I said earlier we have over 300 member companies, but also that we keep over 7,000 company archives. The much larger archive number has a few reaasons. For one, a large number of individual records are for companies that have gone bankrupt. We think of these as “strays” that we take care of. Another factor is that one corporate entity today can consist of dozens of different company archives, obtained over the years. All this gives us around 70 000 shelf meters, with the oldest material deriving from the 18th century and the latest from today.

Since Swedish companies have been internationally orientated, we keep materials from every part of the world. Our image collections are extraordinary in both quantity and chronology. There could be as many as 5 million photographs, but we’re actually not sure, since we haven’t cataloged them all yet. Another collection of interest is our films, which we are continuously digitizing. To this we can add half a million drawings, most from between 1850 and 1950.

Documents, photos and films are core parts of any archive. But in our case, we also often add physical artefacts, such as design items both for consumer electronics, home appliances and designer ware. For instance, the clothing giant H&M sends us a set of their annual designer collection as soon as it comes out. As an example, here’s a wedding dress by designer duo Victor and Rolf from 2006.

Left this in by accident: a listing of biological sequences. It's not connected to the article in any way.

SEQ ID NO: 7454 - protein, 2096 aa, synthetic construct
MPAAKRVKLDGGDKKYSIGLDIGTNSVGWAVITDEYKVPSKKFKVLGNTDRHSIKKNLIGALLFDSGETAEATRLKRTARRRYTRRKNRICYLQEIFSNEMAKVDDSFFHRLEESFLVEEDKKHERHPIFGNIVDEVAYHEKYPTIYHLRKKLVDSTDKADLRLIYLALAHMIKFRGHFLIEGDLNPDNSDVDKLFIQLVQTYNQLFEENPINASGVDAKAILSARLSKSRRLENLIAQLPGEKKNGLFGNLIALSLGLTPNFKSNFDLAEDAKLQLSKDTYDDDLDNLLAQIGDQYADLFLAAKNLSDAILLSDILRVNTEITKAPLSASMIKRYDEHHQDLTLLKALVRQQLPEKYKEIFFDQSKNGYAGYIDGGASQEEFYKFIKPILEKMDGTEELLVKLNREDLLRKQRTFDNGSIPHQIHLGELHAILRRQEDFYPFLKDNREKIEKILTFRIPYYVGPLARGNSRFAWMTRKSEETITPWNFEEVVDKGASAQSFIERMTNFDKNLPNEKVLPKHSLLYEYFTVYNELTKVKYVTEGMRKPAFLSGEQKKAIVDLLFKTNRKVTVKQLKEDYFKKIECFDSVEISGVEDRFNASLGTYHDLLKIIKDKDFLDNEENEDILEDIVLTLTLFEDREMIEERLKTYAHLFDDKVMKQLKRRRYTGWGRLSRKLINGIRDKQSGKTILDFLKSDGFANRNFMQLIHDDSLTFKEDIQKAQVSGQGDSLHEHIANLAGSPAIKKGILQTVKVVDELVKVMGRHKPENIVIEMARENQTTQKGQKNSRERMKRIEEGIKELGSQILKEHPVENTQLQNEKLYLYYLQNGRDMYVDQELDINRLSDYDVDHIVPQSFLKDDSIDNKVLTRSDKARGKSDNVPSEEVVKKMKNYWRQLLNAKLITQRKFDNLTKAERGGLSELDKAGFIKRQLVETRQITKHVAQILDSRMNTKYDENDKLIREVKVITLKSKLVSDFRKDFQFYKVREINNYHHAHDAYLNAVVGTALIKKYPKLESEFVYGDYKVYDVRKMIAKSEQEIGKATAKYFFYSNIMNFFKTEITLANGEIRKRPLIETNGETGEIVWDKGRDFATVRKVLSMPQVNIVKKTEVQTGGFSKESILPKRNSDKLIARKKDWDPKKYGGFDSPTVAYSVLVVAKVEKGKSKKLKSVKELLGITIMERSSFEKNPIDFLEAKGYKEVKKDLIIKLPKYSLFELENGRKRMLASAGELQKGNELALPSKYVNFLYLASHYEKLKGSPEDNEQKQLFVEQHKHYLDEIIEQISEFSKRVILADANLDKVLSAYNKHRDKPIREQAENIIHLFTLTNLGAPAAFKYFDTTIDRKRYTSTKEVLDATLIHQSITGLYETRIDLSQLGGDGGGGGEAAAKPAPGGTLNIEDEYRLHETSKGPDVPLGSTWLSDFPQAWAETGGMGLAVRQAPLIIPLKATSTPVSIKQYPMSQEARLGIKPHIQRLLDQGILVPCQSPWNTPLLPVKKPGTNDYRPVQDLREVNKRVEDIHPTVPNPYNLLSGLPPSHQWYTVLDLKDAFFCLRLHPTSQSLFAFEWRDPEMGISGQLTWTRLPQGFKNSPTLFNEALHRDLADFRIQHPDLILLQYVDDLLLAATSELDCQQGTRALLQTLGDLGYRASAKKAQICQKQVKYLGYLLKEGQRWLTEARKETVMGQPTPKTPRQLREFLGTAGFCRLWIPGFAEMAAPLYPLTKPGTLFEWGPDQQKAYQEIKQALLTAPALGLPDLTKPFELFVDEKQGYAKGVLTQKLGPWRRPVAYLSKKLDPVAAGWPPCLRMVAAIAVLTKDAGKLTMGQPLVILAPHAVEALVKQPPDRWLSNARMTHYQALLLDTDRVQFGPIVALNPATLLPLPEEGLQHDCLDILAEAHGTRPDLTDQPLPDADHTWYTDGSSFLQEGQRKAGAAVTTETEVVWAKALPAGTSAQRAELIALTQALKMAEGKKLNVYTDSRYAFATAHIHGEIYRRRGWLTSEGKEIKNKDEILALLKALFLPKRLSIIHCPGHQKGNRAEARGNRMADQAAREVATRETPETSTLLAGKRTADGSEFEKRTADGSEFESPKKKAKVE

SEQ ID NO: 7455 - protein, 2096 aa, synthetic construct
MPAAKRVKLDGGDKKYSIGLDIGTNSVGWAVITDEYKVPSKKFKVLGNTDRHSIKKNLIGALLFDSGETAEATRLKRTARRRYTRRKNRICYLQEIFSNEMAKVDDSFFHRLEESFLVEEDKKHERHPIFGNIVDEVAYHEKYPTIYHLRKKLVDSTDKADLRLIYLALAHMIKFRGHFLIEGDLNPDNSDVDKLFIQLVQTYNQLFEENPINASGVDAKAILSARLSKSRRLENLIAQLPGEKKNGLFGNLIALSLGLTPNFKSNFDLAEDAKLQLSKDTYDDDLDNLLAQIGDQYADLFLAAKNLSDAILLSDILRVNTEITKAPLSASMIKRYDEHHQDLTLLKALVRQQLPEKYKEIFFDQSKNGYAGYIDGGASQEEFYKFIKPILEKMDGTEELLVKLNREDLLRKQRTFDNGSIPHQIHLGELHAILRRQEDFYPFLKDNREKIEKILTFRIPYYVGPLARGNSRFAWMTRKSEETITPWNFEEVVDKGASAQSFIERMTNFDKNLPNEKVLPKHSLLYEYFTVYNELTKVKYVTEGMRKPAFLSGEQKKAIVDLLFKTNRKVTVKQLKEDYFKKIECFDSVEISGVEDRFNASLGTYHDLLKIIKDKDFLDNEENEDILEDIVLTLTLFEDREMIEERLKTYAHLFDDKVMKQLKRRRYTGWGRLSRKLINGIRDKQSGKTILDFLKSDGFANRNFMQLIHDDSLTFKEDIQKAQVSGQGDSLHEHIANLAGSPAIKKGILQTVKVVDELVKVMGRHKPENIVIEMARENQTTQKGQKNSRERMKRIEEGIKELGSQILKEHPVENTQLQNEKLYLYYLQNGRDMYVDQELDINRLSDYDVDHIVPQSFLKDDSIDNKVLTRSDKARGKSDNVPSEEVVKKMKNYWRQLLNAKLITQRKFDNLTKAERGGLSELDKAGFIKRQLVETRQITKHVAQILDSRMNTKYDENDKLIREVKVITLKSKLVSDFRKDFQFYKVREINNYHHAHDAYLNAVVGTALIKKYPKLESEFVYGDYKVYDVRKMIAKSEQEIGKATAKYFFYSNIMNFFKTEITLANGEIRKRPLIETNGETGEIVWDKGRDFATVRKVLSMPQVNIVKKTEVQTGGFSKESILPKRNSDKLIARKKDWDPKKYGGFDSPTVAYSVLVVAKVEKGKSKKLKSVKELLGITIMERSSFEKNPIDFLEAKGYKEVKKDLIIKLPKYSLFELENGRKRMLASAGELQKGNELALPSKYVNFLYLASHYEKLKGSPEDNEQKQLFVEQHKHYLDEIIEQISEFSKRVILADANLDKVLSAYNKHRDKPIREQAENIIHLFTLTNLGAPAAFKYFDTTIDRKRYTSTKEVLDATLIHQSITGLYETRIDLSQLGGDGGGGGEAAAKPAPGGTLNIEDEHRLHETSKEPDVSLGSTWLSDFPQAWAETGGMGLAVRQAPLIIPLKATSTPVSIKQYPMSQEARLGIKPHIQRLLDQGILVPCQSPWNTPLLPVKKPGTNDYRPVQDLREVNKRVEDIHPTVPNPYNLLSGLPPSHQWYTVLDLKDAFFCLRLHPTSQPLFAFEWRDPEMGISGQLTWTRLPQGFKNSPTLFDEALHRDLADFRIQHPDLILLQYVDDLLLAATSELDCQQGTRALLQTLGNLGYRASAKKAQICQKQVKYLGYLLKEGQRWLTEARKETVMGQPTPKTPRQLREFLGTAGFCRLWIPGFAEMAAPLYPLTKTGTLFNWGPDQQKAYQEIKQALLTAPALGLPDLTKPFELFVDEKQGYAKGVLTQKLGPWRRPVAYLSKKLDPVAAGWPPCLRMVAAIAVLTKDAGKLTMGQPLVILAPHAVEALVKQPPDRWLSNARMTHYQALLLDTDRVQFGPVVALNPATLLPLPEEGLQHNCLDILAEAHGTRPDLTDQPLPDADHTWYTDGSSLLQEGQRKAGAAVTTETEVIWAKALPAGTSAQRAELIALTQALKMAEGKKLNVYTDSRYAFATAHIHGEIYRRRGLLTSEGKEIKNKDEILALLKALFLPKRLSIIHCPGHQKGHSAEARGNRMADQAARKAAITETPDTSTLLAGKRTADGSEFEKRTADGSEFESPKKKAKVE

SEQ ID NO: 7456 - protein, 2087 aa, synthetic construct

A challenge for all archive institutions, public and private alike, is digitally produced material, the “born digital” materials. Five years ago, we established a digital archive that today contains documents, photos and films. We have recently also added a service that allows businesses, via spindling technology, to preserve versions of their websites, both external and internal, with full customer access via the internet. As inhouse magazines and memos have been replaced by intranets, this is an increasingly important piece of history to capture.

Now, as we know, companies do not all have the same ambitions when it comes to how they archive or use their history. Our member companies can therefore choose between different service levels based on their needs and wants. Our baseline service, in addition to the actual deposits themselves, allows for searches in the archives for internal and external inquiries. From that point, various service levels can be agreed upon, where, for instance, archivists are made available for more comprehensive services.The research services are also beneficial for our member companies, since they can offload requests from media and educational institutions, by forwarding them to us at the Centre for Business History.